"Déjà vu" is a French expression for the feeling of having already experienced something that is happening for the first time. Déjà vu becomes an important example of White Noise's theme of repetition and simulation. How can one know if an experience is real if it seems to have already happened?
The chemical leak begins a mass evacuation of the nearby towns and cities, causing the characters to suddenly become aware of their bodies' vulnerability to man-made forms of death. Before the family reaches the emergency shelter, Jack has to refill the car's empty gas tank. He briefly exposes himself to the toxic air and begins to worry about death and his own mortality.
At the start of the novel's final section, life has seemingly returned to normal: "the déjà vu crisis centers closed down. The hotline was quietly discontinued. People seemed on the verge of forgetting" (Chapter 29). However, the uncertain feeling of impending catastrophe lingers. Jack continues his unsuccessful German lessons, and Babette has ongoing trouble with her memory.
Jack finds one of Babette's Dylar pills in the trashcan. Not knowing what it is, he takes it to one of his colleagues, who tells Jack that the pill is meant to inhibit the fear of death. Jack confronts Babette, and she confesses not only to taking it regularly, but also to her affair with Mr. Gray, the man whose company produces the drug. Terrified of dying, Babette offered Mr. Gray her body in exchange for pills. Dylar's effects eventually started to diminish and ultimately stopped working on Babette. She is left with a waning memory and bouts of déjà vu.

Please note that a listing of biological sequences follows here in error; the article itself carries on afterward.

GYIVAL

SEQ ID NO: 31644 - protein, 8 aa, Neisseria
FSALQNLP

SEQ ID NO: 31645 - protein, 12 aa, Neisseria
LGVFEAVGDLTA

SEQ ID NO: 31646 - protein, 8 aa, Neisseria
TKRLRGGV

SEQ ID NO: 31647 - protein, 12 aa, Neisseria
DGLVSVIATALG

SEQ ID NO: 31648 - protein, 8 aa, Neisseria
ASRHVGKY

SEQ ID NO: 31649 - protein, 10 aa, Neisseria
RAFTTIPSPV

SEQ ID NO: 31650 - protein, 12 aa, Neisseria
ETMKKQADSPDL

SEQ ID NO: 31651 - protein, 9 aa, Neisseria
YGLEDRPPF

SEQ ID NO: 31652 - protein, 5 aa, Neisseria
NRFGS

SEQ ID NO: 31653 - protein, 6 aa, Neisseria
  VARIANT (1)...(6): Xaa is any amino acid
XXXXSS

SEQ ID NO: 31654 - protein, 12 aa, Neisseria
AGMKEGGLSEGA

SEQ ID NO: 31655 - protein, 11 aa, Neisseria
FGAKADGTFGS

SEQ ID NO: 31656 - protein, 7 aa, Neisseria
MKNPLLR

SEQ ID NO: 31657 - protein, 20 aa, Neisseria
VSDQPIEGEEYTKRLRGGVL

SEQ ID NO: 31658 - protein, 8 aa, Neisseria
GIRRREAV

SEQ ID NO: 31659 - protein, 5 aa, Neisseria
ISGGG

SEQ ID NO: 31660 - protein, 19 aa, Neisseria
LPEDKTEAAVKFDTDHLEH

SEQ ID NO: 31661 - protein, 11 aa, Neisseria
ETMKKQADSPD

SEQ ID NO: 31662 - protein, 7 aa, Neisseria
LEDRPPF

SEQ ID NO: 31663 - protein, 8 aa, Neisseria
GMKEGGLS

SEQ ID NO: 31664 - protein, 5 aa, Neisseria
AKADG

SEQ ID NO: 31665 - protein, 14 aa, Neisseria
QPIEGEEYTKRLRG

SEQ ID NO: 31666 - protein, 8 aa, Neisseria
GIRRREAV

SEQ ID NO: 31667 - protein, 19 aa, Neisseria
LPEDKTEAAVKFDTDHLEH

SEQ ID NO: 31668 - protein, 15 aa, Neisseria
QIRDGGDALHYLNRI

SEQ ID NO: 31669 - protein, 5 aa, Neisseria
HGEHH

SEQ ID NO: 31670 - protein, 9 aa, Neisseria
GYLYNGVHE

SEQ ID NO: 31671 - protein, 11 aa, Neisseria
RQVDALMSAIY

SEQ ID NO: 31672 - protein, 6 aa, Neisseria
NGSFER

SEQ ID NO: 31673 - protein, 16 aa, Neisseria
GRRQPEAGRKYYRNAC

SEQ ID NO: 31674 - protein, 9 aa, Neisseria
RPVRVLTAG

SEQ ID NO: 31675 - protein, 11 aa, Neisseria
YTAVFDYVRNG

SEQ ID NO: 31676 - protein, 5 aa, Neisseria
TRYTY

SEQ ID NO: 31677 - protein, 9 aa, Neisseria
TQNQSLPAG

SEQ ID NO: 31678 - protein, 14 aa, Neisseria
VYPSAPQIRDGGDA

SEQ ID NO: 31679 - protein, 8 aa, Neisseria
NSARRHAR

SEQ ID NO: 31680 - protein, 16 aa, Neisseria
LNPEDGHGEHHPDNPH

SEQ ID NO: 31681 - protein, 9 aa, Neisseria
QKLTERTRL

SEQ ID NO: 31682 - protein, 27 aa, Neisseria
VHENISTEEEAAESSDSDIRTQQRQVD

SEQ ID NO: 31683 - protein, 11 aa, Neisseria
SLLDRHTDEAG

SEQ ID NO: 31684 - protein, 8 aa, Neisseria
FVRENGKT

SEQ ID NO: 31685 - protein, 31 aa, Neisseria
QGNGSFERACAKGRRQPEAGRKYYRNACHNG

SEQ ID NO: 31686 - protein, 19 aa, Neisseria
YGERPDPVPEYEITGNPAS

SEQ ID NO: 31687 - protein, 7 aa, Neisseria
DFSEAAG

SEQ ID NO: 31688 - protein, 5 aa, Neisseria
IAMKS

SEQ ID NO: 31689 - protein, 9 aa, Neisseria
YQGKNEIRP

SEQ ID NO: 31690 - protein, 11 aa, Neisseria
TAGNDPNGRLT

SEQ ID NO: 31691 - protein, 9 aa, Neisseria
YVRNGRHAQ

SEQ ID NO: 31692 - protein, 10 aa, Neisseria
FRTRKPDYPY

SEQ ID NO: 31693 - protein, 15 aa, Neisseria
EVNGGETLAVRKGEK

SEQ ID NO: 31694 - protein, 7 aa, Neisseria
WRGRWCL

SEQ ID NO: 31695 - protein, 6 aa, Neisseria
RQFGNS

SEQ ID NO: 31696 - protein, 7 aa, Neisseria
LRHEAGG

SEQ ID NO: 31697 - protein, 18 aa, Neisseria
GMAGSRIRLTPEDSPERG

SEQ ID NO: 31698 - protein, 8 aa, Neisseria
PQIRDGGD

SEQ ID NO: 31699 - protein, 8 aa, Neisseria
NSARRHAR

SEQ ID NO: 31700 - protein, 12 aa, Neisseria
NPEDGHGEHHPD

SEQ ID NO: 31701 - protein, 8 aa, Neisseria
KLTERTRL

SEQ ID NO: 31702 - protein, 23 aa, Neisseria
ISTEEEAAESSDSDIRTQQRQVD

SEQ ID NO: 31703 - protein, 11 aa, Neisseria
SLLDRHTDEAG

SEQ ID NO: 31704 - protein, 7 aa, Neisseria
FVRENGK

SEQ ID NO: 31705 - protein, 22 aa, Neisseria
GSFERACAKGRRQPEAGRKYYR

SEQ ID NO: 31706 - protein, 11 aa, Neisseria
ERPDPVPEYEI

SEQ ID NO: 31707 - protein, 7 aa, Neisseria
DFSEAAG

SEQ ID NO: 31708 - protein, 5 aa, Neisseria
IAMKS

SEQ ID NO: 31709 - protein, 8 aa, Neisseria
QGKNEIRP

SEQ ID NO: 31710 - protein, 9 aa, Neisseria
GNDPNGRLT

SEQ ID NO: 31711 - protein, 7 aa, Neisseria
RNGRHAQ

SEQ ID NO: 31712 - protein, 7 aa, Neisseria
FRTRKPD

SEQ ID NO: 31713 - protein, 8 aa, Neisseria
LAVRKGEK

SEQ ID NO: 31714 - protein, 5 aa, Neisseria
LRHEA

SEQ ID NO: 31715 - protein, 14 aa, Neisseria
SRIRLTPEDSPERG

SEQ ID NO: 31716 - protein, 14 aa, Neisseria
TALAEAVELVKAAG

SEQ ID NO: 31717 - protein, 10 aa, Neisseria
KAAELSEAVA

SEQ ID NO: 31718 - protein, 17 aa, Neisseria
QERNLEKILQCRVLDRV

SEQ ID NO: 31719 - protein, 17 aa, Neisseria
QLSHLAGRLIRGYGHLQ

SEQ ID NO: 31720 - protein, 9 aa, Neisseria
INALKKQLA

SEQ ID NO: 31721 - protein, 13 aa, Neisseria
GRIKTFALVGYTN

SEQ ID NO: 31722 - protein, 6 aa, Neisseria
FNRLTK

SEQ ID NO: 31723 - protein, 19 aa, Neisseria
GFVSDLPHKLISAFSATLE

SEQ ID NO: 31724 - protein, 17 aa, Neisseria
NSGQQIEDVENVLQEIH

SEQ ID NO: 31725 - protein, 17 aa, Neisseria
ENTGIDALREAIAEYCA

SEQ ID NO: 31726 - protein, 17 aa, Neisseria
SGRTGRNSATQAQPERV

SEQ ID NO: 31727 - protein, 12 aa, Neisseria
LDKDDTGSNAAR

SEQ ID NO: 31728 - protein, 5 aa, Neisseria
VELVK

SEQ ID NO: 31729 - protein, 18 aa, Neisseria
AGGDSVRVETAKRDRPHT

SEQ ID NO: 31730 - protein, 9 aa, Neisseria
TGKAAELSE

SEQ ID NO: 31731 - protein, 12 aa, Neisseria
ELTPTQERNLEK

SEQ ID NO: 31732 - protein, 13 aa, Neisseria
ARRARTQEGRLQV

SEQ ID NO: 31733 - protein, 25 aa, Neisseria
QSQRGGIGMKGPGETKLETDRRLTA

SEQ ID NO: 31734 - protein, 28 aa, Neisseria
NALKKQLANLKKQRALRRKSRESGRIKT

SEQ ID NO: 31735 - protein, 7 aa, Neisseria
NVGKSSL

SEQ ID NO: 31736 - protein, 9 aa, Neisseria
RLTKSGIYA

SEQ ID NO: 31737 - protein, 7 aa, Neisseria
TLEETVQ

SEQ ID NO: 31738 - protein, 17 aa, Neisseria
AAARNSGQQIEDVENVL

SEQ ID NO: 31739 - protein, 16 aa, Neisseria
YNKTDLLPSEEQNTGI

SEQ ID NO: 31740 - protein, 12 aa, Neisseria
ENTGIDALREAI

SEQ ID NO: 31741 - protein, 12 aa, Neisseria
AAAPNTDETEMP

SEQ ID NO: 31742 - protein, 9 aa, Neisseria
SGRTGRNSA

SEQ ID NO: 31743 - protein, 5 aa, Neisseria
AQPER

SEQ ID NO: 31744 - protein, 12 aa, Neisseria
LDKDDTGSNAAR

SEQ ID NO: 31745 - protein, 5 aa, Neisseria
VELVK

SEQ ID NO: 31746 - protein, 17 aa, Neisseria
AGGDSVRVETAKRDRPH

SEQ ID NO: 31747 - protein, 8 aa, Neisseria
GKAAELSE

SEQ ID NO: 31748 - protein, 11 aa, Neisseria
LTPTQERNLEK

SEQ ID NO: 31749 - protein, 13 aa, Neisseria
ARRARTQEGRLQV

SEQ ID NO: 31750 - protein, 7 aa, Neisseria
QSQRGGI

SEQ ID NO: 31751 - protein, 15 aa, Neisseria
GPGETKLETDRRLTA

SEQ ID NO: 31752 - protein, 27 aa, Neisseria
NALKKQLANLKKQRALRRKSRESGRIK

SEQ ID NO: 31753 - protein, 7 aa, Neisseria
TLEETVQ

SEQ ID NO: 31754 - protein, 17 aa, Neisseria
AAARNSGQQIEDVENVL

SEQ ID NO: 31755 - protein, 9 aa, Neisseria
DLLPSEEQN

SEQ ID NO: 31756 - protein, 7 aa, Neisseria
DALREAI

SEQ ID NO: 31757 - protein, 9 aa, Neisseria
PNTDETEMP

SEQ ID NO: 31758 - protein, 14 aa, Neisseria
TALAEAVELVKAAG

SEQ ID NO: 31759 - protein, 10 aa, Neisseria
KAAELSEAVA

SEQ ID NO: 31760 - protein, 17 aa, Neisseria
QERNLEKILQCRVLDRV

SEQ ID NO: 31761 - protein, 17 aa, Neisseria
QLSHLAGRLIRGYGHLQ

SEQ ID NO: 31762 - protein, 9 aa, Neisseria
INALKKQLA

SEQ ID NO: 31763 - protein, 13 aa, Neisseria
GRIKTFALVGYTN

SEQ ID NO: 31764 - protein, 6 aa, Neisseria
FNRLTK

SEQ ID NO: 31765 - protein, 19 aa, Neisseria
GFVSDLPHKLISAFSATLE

They could not initially test the effectiveness of the drug on animals because animals do not experience the fear of death.
Seeking revenge on Mr. Gray, Jack researches Dylar and Gray's company. His search reveals that Mr. Gray's real name is Willie Mink. Jack decides to track him down and kill him. He finds Willie alone, watching TV with no sound, at the Roadway Motel. Willie is a tragic, sad figure who is barely conscious and surrounded by piles of Dylar pills that did not make it into his mouth. When Jack speaks to Willie, he realizes that the drug has made Willie susceptible to spoken suggestions. Jack says, "Falling plane," and Willie begins acting like he is in a plummeting aircraft.
Note Dylar's side effects of déjà vu and its subjects' mimicry of things on command. Here White Noise makes a nod to Sigmund Freud’s concept of the “death drive,” which he defines as “the compulsion to repeat.”2 The tragic irony that White Noise displays here is the desire to ward off death actually repeats it in new ways.
Jack shoots Willie with his revolver and then puts the revolver in Willie's hand to make it look like a suicide. Willie, however, isn't dead. He picks up the gun and shoots Jack in the wrist. Jack realizes that killing Willie would be senseless, so he drives Willie to a church run by German nuns. As they tend to the men, the nuns reveal they do not believe in God.
In the closing scene of the novel, Jack's son Wilder rides his tricycle through traffic across a highway. A few women nearby watch in horror, unable to reach him. Once Wilder reaches the other side of the highway unharmed, the tricycle falls over and he begins to cry.
DeLillo uses the characters in the novel to represent the various absurdities of modern living.
A middle-aged professor of Hitler studies, Jack is the narrator and focal character. He has been married three times, is terrified of dying, and uses his status as a distinguished professor as emotional armor against his sense of threatened masculinity.